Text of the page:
My only quibble with the video is his representation of the Fire's video downloading. I've used Netflix on it a fair amount over the last week. Haven't had any problems, delays, or slow-downs. While it's entirely possible the Kindle Fire may hiccup when downloading a movie, mine has not. Rather, it's downloaded / streamed videos smoothly, the resolution & screensize are very nice, and the colors are vibrant.
In all other respects, his opinion seems fair and balanced, good points and bad points, as he thoroughly explores the operating system. Worth watching.
That was Easy
To start with, it's easy. Getting started, that is. I opened the box, logged on to the house wi-fi, and signed in to Amazon. No problems. At the home page, there's a row of index tabs at the top, then a bookshelf that holds your history, and one that shows your selected favorites. From this screen, you'll already get to see both good and bad. I love the index tabs, they're very intuitive, and responsive. As a matter of fact, I handed the Fire to a friend, and without any guidance he was quickly watching youtube videos, checking out my books, browsing online, and generally having fun. There's a very easy learning curve with the Fire, which is really nice.
The Home Page
The favorites shelf is quite nice. Very simple way to keep the best stuff easy to get to. Not so fond of the history shelf. I have no idea why Amazon chose to make user history the single biggest use of screen real estate on the entire home page. There's also not much control over the history carousel. Older stuff to the right. Newer stuff to the left, and each icon is stacked on top of it's preceding icon, like a fanned out deck of cards. A quick flick of the finger scrolls through like a carousel wheel, (their metaphor, not mine), only it has a definite start and end, not full circle. Does this truly bother me? Nope. It just doesn't seem like the best use of the space. I'd rather more room be given to my favorites. I'd also like to be able to put a live wallpaper as my background, instead of the bookshelf. At the moment, that's not an option.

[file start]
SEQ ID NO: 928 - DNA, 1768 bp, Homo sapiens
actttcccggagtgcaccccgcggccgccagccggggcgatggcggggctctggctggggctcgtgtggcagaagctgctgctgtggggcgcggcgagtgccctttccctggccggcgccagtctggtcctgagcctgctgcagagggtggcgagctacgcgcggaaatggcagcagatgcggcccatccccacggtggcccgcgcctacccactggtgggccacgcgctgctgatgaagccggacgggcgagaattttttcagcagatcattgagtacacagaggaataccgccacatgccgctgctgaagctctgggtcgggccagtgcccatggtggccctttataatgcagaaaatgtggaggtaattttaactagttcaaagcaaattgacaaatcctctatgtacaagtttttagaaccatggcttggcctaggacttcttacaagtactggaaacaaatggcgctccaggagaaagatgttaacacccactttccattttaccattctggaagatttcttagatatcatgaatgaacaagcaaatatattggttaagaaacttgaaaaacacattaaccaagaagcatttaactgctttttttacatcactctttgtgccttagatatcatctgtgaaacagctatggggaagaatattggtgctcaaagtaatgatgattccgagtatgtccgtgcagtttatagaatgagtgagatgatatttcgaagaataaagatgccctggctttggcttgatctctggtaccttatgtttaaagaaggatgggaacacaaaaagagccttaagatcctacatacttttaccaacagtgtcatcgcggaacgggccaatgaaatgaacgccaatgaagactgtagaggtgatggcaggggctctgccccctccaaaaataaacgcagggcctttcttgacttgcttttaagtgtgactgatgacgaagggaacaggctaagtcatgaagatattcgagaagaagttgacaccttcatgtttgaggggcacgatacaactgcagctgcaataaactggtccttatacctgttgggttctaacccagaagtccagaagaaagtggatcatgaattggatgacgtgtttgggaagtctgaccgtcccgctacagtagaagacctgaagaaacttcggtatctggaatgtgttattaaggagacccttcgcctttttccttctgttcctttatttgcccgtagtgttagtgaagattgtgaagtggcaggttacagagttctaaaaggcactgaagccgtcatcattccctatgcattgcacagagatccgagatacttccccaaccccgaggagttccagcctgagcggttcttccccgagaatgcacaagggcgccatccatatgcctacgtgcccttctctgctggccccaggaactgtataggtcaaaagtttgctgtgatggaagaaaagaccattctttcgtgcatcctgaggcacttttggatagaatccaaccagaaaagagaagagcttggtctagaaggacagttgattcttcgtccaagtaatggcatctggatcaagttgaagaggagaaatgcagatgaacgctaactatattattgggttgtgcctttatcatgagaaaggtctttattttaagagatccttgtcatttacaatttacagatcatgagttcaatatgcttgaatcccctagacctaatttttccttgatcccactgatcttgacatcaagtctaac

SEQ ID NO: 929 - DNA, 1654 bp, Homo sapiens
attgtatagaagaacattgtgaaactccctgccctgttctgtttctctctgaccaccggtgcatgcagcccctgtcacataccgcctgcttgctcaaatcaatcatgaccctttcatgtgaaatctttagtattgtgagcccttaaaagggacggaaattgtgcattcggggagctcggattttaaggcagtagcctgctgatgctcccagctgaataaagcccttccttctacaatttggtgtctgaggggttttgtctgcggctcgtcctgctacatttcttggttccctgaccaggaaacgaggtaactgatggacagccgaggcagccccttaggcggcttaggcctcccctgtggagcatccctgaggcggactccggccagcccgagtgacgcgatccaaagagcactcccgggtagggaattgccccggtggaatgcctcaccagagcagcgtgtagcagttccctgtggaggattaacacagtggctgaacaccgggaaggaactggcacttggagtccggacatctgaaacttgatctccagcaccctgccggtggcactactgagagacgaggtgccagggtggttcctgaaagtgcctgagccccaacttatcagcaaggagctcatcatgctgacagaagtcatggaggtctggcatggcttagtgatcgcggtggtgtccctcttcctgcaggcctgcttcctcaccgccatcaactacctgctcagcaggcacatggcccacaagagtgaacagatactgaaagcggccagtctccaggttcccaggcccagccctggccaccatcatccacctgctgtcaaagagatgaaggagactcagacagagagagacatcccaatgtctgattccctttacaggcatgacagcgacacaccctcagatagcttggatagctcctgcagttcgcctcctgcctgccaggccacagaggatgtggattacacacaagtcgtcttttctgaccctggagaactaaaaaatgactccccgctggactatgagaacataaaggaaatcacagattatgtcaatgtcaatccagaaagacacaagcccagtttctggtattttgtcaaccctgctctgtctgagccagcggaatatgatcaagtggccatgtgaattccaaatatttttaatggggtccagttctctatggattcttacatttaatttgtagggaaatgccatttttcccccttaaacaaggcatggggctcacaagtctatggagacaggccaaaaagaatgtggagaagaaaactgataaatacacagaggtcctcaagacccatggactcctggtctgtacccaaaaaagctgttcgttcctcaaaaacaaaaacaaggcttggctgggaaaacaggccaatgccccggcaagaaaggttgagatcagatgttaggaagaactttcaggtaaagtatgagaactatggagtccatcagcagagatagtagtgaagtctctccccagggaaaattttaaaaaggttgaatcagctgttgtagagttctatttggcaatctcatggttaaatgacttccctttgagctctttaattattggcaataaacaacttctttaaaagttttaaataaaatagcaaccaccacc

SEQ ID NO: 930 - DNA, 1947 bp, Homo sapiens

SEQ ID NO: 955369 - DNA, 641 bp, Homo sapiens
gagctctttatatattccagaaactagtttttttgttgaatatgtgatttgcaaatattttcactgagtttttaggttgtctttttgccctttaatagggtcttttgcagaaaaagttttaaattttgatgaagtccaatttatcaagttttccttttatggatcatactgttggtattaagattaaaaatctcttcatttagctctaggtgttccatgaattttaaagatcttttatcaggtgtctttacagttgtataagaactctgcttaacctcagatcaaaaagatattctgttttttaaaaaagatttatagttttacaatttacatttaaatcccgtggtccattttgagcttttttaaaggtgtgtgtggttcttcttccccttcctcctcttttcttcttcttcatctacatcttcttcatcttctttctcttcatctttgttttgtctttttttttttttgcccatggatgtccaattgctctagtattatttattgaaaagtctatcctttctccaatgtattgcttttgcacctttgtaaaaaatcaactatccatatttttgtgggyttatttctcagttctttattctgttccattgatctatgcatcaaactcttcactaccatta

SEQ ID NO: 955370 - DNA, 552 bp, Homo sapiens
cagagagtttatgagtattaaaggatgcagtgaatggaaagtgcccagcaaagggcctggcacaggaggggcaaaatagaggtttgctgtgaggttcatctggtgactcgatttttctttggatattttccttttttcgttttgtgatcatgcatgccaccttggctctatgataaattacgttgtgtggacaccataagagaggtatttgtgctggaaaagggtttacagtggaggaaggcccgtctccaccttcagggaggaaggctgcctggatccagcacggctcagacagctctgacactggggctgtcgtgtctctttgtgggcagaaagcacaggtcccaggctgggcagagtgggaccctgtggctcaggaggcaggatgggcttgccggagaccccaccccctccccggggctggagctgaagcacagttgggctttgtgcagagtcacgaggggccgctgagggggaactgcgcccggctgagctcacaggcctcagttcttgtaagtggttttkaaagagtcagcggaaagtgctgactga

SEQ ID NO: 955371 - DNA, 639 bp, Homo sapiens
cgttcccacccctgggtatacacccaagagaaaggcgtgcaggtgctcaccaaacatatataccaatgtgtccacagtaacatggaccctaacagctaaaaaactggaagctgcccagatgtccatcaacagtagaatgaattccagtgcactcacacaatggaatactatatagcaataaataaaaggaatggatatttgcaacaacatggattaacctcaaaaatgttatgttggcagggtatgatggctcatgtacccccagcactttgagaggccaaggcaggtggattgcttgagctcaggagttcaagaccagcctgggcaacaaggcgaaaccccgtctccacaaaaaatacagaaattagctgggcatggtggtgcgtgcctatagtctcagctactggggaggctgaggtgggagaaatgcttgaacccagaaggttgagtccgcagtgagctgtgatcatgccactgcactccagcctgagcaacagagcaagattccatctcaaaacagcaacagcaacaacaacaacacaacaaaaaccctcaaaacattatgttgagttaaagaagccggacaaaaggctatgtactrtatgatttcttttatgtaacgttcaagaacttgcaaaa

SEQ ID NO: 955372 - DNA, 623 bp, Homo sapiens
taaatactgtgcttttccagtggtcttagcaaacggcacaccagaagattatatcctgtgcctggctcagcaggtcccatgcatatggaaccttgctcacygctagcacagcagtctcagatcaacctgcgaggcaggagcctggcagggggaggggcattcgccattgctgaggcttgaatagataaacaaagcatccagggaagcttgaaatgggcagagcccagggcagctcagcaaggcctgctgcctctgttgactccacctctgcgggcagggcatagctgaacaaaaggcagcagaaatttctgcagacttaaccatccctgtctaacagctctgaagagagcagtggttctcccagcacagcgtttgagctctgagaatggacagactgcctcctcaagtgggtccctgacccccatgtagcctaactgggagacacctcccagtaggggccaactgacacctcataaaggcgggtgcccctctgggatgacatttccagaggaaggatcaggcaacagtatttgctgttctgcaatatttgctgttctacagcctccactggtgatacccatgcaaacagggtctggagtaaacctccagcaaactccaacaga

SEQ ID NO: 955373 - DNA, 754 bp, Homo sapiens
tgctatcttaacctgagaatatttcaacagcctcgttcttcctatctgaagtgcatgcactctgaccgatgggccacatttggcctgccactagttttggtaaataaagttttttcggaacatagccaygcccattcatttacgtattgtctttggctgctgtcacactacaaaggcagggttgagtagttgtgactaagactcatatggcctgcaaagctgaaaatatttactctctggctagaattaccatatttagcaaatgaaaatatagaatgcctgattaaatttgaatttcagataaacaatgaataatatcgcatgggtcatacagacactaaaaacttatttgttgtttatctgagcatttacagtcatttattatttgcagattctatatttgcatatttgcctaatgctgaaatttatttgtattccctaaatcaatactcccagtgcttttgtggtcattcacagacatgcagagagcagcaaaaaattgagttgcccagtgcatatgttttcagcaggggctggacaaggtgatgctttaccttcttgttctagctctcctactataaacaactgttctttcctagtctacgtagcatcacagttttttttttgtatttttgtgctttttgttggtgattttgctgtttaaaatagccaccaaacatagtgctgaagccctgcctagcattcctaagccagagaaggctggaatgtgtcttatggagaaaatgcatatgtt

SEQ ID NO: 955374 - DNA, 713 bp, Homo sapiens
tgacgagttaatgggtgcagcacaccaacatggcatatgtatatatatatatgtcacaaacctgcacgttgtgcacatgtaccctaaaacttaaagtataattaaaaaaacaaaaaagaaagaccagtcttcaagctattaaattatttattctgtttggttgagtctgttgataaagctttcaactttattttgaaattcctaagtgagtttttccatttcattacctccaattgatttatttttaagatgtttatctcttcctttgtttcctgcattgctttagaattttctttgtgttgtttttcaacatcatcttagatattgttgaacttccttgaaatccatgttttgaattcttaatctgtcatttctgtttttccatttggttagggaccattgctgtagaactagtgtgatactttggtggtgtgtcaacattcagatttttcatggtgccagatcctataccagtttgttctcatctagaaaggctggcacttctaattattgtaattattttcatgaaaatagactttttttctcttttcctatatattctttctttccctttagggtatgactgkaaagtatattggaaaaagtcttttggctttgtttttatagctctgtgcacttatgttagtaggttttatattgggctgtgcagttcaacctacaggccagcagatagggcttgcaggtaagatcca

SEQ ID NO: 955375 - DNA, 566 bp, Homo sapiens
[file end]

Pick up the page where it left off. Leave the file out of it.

The heart of the Home Page: Index Tabs
So far, these are just minor quibbles. I have hopes that Amazon, or a rabid hacker fan, will offer ways to adjust the home page more to my liking. In the meantime, it's fast, intuitive, amazingly easy... I'm good. Really.
Going back to those index controls; You have Newsstand, Books, Music, Video, Docs, Apps, and Web. Taking them one by one, the first item, Newsstand, is meaningless to me. I'm not going to subscribe to magazines. They look slick, and a lot of people seem to like Magazines on the Kindle Fire. Not me. Not interested, not going to spend money on it, and have no intention of ever adding a magazine to my Kindle reading list.
At home with Holmes